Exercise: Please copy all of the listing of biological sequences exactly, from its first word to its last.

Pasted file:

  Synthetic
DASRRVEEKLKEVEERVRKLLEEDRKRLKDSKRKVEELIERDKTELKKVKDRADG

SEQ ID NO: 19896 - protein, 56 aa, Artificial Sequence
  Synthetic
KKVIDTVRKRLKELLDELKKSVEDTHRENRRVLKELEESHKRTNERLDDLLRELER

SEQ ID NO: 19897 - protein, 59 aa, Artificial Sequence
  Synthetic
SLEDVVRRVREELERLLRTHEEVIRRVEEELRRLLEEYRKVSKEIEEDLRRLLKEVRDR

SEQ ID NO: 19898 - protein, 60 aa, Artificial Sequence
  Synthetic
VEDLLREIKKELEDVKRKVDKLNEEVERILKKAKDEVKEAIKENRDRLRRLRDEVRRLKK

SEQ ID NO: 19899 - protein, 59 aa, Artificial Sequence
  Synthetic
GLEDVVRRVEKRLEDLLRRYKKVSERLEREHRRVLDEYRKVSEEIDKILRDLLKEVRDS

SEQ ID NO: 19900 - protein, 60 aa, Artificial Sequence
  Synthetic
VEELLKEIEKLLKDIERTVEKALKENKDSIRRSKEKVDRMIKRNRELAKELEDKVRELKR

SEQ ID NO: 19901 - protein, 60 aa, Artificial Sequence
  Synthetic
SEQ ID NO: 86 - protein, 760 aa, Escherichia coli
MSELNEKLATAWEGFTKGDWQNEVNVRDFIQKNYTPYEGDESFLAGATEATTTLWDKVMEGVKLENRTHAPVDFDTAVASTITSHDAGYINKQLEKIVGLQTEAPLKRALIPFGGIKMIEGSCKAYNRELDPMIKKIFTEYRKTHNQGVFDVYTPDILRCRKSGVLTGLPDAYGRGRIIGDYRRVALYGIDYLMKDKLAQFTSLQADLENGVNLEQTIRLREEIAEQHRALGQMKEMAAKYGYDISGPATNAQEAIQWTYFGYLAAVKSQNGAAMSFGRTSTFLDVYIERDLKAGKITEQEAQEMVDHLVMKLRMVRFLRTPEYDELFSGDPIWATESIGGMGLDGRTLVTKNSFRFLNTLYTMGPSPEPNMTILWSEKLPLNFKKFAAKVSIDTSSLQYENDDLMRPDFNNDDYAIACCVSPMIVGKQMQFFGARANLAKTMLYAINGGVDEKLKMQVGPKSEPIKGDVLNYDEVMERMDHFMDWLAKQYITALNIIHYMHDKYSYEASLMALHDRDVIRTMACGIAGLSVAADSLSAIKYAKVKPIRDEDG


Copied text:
  Synthetic
DASRRVEEKLKEVEERVRKLLEEDRKRLKDSKRKVEELIERDKTELKKVKDRADG

SEQ ID NO: 19896 - protein, 56 aa, Artificial Sequence
  Synthetic
KKVIDTVRKRLKELLDELKKSVEDTHRENRRVLKELEESHKRTNERLDDLLRELER

SEQ ID NO: 19897 - protein, 59 aa, Artificial Sequence
  Synthetic
SLEDVVRRVREELERLLRTHEEVIRRVEEELRRLLEEYRKVSKEIEEDLRRLLKEVRDR

SEQ ID NO: 19898 - protein, 60 aa, Artificial Sequence
  Synthetic
VEDLLREIKKELEDVKRKVDKLNEEVERILKKAKDEVKEAIKENRDRLRRLRDEVRRLKK

SEQ ID NO: 19899 - protein, 59 aa, Artificial Sequence
  Synthetic
GLEDVVRRVEKRLEDLLRRYKKVSERLEREHRRVLDEYRKVSEEIDKILRDLLKEVRDS

SEQ ID NO: 19900 - protein, 60 aa, Artificial Sequence
  Synthetic
VEELLKEIEKLLKDIERTVEKALKENKDSIRRSKEKVDRMIKRNRELAKELEDKVRELKR

SEQ ID NO: 19901 - protein, 60 aa, Artificial Sequence
  Synthetic
SEQ ID NO: 86 - protein, 760 aa, Escherichia coli
MSELNEKLATAWEGFTKGDWQNEVNVRDFIQKNYTPYEGDESFLAGATEATTTLWDKVMEGVKLENRTHAPVDFDTAVASTITSHDAGYINKQLEKIVGLQTEAPLKRALIPFGGIKMIEGSCKAYNRELDPMIKKIFTEYRKTHNQGVFDVYTPDILRCRKSGVLTGLPDAYGRGRIIGDYRRVALYGIDYLMKDKLAQFTSLQADLENGVNLEQTIRLREEIAEQHRALGQMKEMAAKYGYDISGPATNAQEAIQWTYFGYLAAVKSQNGAAMSFGRTSTFLDVYIERDLKAGKITEQEAQEMVDHLVMKLRMVRFLRTPEYDELFSGDPIWATESIGGMGLDGRTLVTKNSFRFLNTLYTMGPSPEPNMTILWSEKLPLNFKKFAAKVSIDTSSLQYENDDLMRPDFNNDDYAIACCVSPMIVGKQMQFFGARANLAKTMLYAINGGVDEKLKMQVGPKSEPIKGDVLNYDEVMERMDHFMDWLAKQYITALNIIHYMHDKYSYEASLMALHDRDVIRTMACGIAGLSVAADSLSAIKYAKVKPIRDEDG